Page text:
It is also a good idea to think about how you will get around after your surgery before it ever happens.  Crutches can be very helpful, but they can also be limiting and they can even hurt.  The good news is there are several other options on the market from Goodbye Crutches.  The Hands Free Crutch, for example, is a device that straps to your leg, allowing you to walk much like normal while retaining the use of your hands.  The Knee Walker is an option on wheels that lets you scoot from place to place using your good leg.  And the Seated Scooter allows you to have somewhere to sit no matter where you have to go.  Examine the options, think about your lifestyle, and then order the best choice for you before the surgery occurs so you can get comfortable and practice with it.

Tuesday, December 4, 2012

Answers To Toenail Fungus Quiz!

Yesterday, I posted a short quiz on toenail fungus (onychomycosis).  As promised, here are today's answers (along with the questions in case you missed them yesterday):

1. Nail fungus is a sign of bad hygiene.

True or False

2. Nail fungus is commonly caused by the fungus that causes ringworm.

True or False

3. Failure to treat athlete’s foot will increase your chances of developing toenail fungus.

True or False

4. Common places to catch infections are locker rooms, pool sides, etc.

True or False

5. Fungal infection of the nail may destroy the nail.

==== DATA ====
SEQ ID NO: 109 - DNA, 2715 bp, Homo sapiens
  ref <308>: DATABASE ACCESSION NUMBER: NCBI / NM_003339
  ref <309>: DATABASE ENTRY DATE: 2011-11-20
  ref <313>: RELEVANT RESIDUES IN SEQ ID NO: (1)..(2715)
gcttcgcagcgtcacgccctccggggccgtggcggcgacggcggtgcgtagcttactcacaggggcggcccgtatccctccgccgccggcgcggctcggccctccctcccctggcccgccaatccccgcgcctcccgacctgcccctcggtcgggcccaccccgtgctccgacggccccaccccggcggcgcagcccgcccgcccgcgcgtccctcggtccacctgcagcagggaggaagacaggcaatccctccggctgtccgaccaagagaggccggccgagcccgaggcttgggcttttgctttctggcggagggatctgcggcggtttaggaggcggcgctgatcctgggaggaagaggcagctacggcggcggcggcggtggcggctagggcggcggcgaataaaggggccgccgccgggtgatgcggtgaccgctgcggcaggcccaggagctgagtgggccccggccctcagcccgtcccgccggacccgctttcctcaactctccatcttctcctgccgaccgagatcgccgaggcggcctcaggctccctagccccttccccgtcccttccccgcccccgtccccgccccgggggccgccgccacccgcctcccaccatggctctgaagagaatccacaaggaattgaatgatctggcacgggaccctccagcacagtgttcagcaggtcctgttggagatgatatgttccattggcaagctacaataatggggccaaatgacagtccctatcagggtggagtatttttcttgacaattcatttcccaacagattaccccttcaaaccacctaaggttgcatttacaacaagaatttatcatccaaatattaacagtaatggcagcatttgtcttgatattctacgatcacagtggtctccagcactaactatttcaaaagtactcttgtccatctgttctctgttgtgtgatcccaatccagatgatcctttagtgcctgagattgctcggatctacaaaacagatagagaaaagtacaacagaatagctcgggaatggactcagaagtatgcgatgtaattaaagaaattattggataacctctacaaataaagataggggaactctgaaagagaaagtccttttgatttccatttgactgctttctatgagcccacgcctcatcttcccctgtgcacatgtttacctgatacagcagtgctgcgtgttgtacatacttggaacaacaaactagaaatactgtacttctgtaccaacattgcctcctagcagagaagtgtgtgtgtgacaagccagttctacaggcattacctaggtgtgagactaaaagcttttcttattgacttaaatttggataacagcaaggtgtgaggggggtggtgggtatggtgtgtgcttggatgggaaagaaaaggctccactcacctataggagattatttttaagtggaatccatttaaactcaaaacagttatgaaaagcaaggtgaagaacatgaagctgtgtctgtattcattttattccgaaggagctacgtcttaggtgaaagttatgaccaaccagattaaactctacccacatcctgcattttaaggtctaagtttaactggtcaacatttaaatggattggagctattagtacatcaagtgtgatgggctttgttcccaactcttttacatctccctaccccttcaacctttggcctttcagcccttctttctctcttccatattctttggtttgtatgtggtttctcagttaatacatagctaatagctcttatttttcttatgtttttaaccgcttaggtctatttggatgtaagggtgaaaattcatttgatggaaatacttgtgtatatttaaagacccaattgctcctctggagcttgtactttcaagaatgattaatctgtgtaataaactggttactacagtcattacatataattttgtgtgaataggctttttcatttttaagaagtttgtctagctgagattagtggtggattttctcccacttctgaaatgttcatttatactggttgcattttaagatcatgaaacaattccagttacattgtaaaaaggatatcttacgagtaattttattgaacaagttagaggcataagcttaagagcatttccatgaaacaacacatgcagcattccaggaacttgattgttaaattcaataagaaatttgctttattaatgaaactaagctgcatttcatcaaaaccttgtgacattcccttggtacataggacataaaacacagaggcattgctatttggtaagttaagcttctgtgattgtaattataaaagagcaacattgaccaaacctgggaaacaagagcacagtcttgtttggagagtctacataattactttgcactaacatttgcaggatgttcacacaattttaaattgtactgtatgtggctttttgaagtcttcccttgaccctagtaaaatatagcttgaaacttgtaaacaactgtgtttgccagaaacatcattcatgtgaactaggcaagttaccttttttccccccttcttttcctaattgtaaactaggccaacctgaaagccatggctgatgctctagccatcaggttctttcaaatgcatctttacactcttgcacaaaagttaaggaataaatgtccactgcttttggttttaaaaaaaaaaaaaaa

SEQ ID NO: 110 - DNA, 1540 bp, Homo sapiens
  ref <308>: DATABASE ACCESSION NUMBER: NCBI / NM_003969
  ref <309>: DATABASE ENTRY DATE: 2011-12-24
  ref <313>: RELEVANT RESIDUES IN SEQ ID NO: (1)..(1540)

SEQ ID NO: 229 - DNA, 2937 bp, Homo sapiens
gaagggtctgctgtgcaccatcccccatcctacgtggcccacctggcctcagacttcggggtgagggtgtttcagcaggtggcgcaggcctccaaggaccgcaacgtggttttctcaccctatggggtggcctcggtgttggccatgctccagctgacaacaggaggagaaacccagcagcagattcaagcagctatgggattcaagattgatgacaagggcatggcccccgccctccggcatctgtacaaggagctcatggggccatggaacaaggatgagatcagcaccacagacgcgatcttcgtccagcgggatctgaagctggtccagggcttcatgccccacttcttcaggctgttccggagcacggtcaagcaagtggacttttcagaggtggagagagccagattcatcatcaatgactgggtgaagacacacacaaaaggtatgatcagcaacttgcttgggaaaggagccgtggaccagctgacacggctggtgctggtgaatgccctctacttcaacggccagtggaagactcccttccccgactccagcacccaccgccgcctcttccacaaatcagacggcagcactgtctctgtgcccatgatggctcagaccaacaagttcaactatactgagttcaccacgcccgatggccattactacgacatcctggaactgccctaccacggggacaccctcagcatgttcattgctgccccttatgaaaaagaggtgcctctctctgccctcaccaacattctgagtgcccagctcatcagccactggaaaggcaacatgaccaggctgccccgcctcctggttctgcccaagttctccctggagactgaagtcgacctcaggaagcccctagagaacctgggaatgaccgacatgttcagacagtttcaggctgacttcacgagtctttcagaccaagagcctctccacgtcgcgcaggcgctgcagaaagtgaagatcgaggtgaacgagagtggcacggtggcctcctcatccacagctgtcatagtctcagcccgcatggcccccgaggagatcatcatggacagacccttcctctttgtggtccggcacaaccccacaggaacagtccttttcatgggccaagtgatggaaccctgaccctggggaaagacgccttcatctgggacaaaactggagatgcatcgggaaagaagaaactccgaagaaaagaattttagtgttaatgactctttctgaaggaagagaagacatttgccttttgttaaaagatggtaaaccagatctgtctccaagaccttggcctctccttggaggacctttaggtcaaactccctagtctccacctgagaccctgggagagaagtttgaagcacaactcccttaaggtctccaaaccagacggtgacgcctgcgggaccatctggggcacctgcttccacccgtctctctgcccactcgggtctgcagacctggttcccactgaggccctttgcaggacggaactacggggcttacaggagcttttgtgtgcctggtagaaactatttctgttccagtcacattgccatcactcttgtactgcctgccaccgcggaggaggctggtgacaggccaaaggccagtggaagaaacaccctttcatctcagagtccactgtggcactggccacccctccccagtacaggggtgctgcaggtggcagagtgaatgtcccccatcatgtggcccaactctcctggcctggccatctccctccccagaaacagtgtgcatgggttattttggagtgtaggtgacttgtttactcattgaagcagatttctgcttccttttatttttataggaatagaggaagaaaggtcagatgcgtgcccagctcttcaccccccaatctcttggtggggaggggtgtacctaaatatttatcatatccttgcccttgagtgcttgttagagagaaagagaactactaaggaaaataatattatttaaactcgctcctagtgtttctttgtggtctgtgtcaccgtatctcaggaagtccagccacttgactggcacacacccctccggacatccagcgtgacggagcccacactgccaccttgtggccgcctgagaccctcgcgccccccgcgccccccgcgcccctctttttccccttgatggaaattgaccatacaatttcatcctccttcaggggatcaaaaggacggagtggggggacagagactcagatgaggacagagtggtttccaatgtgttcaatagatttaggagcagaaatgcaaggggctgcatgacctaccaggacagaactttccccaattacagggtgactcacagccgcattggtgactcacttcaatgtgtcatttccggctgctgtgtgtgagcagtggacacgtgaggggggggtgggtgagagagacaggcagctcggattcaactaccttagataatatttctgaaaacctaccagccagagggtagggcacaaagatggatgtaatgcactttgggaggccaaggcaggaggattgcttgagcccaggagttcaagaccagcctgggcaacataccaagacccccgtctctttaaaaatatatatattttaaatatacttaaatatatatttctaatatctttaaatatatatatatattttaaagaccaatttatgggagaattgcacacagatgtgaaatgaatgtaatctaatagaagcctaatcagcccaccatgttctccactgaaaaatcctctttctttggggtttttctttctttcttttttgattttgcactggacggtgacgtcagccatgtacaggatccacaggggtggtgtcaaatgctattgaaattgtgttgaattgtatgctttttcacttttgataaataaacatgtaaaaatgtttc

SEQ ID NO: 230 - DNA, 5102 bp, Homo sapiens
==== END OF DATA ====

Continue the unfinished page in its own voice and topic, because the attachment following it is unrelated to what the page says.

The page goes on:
True or False

1. False---Nail fungus is an infective problem. It has no relation with nail hygiene. Nail fungus is caused by a fungus or a type of yeast.

2. True---The fungus of the dermatophyte family that causes ringworm, also causes nail fungus.

3. True---If you don't treat athlete's foot, the infection may reach the nails and infect them.

4. True---Common areas that are infected with fungus like locker rooms, pool sides, etc. are the places where you catch nail fungus infection. Wash your feet after visiting such places, dry them and if you are susceptible to fungal infections, apply an anti-fungal ointment. Wear footwear whenever possible.

5. True---If the infection spreads, the nail may get detached and may fall off.

Unlike when I first began to practice podiatry, there are treatment options for toenail fungus that actually work!  As a new podiatrist, the best options I had available for the treatment of toenail fungus included periodic trimming and grinding down of toenails (which did not resolve the infection) and permanent removal of the affected toenail(s) - not a very popular option. 

Today, however, I can offer three options for treating toenail fungus.  First, for mild cases, there are topical antifungal medications.  I prefer a medication called Formula 3.  It is applied twice daily for one year.  This does take some effort on the part of the patient, and for severe cases, the medication has a hard time penetrating the toenail deep enough to actually kill the fungus.  Formula 3 is available for sale in my office.